Are soaring interest rates hurting the United States Real Estate market? The answer depends on the specific market. In a market where demand is high and supply is limited, the higher interest rates may be fueling a surge in buyers. Alternatively, they may be deterring some potential sellers and buyers, who are wary of higher rates. But if you look for other reasons why higher rates may be a negative factor, you will see a number of other causes.
The Federal Reserve can slow the rise of real estate prices by raising interest rates. Although many people believe that interest rates hikes will lead to a decline in home prices, rising demand will offset rising interest rates. Moreover, the Federal Reserve doesn’t control interest rates directly, but it can influence the money supply, or how much money is available in the market. This is important to understand if you’re planning to sell your home in a high-interest rate environment.
Another cause of soaring interest rates is the heightened cost of mortgages. Rising rates can push some people out of the housing market, particularly first-time homebuyers. This means fewer competitive bids on homes. In 2019, the average US home spent 66 days on the market. In 2021, the average US home is likely to spend 43 days on the market. Bidding wars are common, with up to 70 percent of buyers experiencing them. For homes that are valued over $1 million, many all-cash offers are common.
Despite these factors, home prices continue to rise. This is partly due to the lack of homes for sale in the market. Moreover, overpriced homes do not sell very quickly, creating a seller’s market. The federal bank’s efforts to curb inflation through higher interest rates are also putting a squeeze on the housing market. But the rising rates can also boost the broader economy.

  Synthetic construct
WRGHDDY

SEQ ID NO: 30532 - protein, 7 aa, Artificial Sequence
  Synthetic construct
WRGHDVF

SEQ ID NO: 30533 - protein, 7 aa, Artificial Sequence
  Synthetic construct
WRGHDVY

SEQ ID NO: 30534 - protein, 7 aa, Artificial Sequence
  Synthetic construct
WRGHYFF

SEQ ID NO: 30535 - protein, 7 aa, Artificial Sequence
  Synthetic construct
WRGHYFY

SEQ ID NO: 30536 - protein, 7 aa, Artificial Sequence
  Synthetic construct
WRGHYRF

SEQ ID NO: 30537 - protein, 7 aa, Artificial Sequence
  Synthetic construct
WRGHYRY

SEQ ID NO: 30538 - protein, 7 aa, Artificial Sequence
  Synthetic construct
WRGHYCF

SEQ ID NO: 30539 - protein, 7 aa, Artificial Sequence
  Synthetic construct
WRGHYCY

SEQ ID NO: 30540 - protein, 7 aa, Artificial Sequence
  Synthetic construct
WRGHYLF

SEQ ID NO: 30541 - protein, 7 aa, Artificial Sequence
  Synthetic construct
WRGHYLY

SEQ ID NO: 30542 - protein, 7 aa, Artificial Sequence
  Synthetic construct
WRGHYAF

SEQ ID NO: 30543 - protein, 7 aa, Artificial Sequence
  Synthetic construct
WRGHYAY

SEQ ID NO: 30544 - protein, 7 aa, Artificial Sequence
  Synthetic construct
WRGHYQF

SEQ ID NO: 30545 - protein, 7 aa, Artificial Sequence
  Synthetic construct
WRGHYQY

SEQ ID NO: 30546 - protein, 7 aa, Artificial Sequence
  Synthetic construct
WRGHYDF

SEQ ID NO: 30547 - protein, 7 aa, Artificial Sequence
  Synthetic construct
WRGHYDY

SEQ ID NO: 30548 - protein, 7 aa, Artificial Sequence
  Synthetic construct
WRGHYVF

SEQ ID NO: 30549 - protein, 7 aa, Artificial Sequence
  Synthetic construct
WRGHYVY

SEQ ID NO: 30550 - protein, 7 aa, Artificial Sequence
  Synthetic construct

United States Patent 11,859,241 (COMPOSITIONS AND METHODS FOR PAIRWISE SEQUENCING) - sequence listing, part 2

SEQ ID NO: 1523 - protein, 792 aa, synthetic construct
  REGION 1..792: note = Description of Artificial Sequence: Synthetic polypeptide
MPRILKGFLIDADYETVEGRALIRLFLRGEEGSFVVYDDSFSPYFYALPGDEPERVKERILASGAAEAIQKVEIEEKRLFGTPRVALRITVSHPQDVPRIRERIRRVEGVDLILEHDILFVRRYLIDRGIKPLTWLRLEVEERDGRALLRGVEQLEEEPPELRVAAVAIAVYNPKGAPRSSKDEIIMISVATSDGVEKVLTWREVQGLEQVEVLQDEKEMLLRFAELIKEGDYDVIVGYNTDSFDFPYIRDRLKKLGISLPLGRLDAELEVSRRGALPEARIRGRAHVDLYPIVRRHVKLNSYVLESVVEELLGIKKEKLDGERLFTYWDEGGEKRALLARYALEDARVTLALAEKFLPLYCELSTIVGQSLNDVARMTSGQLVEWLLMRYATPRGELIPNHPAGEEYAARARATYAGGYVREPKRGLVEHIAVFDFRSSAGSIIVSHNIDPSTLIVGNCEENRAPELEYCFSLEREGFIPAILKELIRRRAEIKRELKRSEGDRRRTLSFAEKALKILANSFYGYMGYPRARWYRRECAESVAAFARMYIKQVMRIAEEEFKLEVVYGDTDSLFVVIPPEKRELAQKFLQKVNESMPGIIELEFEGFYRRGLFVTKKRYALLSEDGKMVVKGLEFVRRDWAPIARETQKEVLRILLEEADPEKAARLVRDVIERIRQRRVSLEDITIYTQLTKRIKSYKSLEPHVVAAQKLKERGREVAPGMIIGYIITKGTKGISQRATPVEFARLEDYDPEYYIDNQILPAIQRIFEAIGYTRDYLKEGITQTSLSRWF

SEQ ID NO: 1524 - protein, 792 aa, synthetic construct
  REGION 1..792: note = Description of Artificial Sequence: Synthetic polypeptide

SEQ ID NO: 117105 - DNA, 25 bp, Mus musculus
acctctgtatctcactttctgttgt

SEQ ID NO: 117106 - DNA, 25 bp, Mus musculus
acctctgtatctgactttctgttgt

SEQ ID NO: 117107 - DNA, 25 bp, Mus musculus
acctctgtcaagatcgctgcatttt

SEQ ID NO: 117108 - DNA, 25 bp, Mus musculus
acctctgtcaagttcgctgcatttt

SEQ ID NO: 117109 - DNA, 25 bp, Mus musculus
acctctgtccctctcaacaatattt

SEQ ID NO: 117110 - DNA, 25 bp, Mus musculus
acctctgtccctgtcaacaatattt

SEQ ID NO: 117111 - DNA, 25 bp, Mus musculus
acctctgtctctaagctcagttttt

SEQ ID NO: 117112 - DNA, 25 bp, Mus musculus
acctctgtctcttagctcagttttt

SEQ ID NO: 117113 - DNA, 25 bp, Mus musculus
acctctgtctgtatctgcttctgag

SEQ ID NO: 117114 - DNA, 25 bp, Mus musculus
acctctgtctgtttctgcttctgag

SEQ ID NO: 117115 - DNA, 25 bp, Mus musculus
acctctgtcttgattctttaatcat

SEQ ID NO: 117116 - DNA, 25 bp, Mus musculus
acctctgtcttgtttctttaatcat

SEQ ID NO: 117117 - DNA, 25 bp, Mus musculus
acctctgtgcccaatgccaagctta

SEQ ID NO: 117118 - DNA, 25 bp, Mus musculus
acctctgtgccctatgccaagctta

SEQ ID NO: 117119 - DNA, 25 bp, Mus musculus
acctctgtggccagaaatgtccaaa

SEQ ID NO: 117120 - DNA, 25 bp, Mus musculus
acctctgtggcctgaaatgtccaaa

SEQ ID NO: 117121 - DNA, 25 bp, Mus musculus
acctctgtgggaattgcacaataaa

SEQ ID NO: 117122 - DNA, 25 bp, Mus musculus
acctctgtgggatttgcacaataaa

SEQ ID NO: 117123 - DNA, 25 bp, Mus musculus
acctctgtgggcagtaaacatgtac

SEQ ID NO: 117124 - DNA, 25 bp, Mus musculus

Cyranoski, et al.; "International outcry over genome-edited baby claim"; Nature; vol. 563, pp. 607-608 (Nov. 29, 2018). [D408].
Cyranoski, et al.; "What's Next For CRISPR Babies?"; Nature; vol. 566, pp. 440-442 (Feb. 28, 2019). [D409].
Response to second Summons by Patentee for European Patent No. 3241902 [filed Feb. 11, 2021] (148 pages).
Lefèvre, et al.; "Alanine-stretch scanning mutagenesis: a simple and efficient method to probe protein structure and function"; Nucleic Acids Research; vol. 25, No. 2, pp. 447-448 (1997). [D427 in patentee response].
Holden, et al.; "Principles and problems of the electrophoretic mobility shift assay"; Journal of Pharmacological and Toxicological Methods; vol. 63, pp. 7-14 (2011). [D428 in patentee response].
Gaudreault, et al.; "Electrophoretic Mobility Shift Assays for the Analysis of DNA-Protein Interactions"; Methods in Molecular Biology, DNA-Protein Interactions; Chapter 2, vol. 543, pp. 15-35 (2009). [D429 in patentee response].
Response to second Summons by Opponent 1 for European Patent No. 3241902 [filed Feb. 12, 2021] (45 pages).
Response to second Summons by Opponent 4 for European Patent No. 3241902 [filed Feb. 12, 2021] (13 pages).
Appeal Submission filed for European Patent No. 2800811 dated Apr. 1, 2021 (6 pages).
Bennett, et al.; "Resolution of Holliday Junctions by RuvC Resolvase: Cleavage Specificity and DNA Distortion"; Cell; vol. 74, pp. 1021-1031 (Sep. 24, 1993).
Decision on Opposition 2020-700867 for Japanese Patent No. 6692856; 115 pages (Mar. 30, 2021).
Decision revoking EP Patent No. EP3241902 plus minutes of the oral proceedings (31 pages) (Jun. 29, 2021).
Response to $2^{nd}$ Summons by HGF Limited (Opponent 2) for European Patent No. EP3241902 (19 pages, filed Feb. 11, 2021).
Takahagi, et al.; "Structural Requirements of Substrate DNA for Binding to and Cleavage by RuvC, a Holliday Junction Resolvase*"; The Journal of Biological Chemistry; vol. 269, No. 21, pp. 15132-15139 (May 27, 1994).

Higher interest rates can make home prices higher, so if prices continue to rise, the rents will also rise. Renting is not an attractive option in high inflation, so locking in mortgage payments can protect you from rising costs. A 4.5 percent interest rate is still a good deal compared to the eight percent plus annual inflation rate. The higher mortgage rates may even force home buyers to seek out rental properties to supplement their income.
Although it is true that soaring interest rates are limiting home sales, some experts say that a slowdown in home sales could be good for home buyers. A slowdown in home sales will also mean less bidding wars and fewer concessions on behalf of sellers. While this is a good thing for buyers, it is bad news for sellers. Most real estate experts are predicting that home prices will rise again in the next few years, according to the Mortgage Bankers Association.
Higher mortgage rates may be affecting the housing market. But they do not hurt the market as much as many economists think. The rising mortgage interest rates may be hindering the demand for housing, which will lead to a slower home appreciation. On the contrary, they can help the rental market, where fewer people can qualify for a mortgage. Increasing interest rates also slows down the job market, which will make home prices lower.